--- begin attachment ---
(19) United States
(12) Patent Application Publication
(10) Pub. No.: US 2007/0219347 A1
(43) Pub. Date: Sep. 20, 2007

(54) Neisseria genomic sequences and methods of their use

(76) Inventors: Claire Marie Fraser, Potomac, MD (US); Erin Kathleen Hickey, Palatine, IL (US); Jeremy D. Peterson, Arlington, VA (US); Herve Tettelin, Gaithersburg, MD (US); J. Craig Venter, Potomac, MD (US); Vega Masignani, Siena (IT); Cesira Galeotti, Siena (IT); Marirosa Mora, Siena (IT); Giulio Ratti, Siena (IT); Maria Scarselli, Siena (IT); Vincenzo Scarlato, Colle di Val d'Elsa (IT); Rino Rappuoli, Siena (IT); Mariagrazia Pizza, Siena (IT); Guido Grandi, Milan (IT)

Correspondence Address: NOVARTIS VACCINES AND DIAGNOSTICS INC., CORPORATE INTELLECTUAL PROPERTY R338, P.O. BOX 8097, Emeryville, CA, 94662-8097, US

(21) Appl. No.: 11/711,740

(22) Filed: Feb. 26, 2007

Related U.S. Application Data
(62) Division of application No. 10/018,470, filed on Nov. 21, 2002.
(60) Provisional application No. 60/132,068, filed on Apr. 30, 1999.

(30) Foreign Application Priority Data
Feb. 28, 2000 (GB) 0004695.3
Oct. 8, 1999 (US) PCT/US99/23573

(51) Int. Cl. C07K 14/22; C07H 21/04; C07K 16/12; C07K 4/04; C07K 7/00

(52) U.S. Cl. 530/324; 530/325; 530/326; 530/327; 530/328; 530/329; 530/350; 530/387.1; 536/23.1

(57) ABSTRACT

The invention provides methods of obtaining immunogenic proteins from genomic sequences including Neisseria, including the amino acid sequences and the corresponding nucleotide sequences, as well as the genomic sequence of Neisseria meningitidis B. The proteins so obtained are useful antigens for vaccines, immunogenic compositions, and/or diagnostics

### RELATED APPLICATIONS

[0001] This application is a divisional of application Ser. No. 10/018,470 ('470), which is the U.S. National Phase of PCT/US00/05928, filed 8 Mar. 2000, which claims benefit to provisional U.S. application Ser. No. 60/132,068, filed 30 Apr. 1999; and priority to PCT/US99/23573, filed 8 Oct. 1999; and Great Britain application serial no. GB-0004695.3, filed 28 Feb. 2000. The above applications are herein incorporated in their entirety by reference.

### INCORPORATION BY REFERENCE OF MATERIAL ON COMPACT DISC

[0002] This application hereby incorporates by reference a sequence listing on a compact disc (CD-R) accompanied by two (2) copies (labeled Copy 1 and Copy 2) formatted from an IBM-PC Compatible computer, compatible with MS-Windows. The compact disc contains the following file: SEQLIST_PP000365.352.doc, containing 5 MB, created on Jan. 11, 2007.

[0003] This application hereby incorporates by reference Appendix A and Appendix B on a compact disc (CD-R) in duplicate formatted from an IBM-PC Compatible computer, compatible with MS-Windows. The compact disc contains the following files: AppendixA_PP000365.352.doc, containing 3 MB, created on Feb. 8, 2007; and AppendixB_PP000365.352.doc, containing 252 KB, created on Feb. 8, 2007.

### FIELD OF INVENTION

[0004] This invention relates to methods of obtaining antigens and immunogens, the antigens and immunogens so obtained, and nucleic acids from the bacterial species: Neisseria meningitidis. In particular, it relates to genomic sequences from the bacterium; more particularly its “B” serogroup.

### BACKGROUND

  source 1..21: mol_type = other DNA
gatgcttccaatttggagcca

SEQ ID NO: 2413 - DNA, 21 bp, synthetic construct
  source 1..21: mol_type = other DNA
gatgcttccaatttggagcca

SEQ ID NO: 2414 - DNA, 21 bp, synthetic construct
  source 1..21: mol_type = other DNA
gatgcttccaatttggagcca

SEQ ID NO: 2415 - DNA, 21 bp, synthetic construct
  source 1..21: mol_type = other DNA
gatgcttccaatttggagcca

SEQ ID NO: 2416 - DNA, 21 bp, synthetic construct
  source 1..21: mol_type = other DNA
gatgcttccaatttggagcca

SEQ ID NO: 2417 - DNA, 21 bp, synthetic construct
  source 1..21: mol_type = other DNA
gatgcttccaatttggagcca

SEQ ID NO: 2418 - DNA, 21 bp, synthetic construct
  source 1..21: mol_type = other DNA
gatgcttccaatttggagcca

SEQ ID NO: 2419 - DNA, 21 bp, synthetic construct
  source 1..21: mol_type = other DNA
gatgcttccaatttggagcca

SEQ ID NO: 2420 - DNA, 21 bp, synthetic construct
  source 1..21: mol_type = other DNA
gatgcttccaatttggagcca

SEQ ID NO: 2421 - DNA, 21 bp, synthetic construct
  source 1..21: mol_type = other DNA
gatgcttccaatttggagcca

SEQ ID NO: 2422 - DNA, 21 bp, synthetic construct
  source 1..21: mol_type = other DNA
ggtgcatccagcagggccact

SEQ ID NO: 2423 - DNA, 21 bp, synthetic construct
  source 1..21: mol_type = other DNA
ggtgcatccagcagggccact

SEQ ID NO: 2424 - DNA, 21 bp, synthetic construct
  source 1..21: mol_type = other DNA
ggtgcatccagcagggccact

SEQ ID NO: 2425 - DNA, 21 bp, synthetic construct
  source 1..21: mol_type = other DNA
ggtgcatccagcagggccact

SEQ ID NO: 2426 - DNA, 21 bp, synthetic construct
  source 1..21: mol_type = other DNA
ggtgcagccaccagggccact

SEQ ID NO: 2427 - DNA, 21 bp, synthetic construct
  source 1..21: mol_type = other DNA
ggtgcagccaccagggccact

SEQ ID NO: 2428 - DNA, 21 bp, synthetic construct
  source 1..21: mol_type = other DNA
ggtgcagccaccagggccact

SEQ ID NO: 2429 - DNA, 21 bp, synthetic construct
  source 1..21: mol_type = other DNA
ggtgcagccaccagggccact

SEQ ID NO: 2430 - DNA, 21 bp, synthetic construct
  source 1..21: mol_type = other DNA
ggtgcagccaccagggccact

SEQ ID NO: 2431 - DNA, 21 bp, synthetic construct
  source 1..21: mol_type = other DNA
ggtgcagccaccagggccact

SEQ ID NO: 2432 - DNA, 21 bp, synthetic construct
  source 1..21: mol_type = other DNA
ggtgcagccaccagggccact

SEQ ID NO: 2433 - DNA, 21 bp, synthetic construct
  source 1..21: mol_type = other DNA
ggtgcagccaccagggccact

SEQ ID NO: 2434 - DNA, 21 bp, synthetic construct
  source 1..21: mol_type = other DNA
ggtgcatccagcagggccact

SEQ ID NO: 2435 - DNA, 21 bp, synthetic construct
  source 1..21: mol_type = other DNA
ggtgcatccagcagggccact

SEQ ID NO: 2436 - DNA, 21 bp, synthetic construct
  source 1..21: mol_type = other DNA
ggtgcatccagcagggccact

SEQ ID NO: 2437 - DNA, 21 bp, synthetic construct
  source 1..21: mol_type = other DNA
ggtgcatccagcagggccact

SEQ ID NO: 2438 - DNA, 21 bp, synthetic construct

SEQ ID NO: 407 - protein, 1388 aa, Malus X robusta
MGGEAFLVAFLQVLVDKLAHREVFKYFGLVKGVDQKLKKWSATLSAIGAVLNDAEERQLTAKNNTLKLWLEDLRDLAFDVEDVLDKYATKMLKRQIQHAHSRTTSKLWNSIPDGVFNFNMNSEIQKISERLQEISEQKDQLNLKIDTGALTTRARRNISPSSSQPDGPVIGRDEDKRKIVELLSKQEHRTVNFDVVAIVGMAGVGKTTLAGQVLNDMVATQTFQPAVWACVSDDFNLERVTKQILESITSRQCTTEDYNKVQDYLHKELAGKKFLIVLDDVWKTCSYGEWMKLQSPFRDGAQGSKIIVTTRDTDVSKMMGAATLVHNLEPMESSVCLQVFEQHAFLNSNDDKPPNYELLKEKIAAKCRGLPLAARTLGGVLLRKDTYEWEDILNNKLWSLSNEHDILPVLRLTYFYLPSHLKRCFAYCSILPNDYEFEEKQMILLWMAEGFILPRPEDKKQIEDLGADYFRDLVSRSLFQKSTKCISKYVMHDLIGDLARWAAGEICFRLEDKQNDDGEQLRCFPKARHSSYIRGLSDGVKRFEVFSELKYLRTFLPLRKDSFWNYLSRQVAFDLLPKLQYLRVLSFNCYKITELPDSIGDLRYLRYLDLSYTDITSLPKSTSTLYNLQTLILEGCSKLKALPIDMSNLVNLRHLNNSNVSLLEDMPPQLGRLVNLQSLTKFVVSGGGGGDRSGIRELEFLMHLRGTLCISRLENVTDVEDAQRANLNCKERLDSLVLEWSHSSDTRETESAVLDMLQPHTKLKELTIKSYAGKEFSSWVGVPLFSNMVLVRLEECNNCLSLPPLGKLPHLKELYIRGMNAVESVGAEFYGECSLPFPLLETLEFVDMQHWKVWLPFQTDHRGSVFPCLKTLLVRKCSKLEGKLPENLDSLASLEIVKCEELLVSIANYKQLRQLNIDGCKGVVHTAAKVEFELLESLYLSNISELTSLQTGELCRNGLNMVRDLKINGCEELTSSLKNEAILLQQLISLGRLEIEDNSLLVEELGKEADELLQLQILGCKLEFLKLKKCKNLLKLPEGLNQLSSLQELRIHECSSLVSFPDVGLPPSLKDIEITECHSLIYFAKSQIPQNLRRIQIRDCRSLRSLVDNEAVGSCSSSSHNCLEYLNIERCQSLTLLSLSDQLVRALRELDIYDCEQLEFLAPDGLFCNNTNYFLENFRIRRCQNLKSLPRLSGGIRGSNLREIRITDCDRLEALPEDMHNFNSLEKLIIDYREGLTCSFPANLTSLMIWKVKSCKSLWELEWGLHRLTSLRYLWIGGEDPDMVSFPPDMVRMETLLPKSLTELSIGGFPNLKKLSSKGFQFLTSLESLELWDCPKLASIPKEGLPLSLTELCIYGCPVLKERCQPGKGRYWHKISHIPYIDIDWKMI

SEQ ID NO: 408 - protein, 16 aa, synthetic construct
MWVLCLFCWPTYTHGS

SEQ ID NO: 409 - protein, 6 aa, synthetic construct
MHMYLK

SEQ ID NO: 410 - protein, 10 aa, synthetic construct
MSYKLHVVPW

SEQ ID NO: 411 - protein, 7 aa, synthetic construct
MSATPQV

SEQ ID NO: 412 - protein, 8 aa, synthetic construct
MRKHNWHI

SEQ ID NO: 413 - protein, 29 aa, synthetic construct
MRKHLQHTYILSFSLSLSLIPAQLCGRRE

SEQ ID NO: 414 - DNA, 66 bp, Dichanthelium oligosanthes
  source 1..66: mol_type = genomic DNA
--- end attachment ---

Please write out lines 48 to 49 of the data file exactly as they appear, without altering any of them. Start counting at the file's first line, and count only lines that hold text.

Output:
SEQ ID NO: 2419 - DNA, 21 bp, synthetic construct
  source 1..21: mol_type = other DNA